That’s all for now. Goodbye, West. Hello, brown expanse dotted with wind turbines.


I spent 12 hours in a sloth habitat in Oregon and learned so much about these fascinating animals. The habitat is part of Zoological Wildlife Conservation Center. They take in sloths who have lost their habitat due to logging or who have been orphaned. Below are my favorite pictures and a some sloth facts. 😍

Sloths are solitary animals. Besides mating, they hang out alone. Their physicality is aligned with their low-key, slow lifestyle–from their low metabolism, low-nutrient diet, their low-muscle mass. So it makes sense that they are also solitary. They can become very ill, and even die, from stress. Sloths needs drama-free livin’.

Sloths cannot digest sugar. Unable to be broken down, sugars can ferment and turn to alcohol inside the sloth’s digestive track. This can lead to alcohol poisoning and possibly death. Ok, my first two facts are related to how sloths can die. Perhaps this is because the Sloth Sleepover guide had the sloths’ safety in mind? They are sensitive buddies.dsc_0082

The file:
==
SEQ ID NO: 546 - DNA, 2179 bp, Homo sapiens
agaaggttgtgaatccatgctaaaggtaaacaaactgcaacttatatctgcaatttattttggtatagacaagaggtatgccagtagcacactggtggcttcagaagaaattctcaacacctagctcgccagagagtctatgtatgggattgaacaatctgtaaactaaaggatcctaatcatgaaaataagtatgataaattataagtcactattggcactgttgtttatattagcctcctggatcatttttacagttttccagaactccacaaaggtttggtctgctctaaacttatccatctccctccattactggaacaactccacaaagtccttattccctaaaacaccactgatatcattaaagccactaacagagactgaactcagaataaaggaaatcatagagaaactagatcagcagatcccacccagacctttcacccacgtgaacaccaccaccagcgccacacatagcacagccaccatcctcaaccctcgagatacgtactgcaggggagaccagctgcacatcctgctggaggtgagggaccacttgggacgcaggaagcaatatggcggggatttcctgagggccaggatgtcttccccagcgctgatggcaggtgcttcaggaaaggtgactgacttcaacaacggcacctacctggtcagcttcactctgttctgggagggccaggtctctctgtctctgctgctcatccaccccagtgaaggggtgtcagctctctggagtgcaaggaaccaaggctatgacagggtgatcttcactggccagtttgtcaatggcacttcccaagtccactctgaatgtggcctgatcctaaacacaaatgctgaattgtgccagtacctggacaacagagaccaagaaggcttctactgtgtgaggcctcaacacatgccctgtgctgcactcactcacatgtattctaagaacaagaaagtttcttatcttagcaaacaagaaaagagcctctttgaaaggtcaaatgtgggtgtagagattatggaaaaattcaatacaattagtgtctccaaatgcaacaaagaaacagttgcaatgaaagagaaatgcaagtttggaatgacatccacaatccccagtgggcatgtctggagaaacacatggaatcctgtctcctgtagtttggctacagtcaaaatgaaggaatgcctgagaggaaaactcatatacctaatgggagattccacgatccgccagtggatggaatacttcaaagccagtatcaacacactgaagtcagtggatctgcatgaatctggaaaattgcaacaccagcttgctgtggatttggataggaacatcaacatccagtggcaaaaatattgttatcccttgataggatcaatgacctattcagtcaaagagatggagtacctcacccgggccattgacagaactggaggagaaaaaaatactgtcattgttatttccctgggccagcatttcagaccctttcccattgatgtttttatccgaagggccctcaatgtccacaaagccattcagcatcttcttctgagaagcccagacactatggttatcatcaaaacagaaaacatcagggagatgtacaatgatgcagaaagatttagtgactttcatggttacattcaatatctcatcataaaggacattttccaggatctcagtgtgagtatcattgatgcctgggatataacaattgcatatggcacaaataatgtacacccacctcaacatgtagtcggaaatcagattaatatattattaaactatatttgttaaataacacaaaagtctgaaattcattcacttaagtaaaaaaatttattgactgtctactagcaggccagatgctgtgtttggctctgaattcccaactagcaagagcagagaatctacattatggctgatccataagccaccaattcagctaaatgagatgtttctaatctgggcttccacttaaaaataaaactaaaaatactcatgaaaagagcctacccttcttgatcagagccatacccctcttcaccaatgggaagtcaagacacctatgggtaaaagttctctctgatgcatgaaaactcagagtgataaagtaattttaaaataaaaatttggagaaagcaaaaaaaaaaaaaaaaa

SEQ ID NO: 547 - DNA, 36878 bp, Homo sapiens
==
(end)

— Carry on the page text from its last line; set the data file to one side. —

All of a sloth’s organs are positioned internally to allow for constant and complete inversion–eating, sleeping, mating, giving birth, everything! In the wild, they are susceptible to predators when they come off the tree balcony to go to the bathroom. They may only go potty once a month. dsc_0085

Sloths have very low body fat. And they can’t regulate their body temperature. The habitat was very hot! dsc_0107

I was happy that we needed to whisper in the habitat. They don’t like loud noises. Again, the stress response of a sloth has to be managed carefully. This is why it is not part of the ZWCC’s mission to introduce sloths back into the wild. The stress from the transition may prove to be fatal. dsc_0110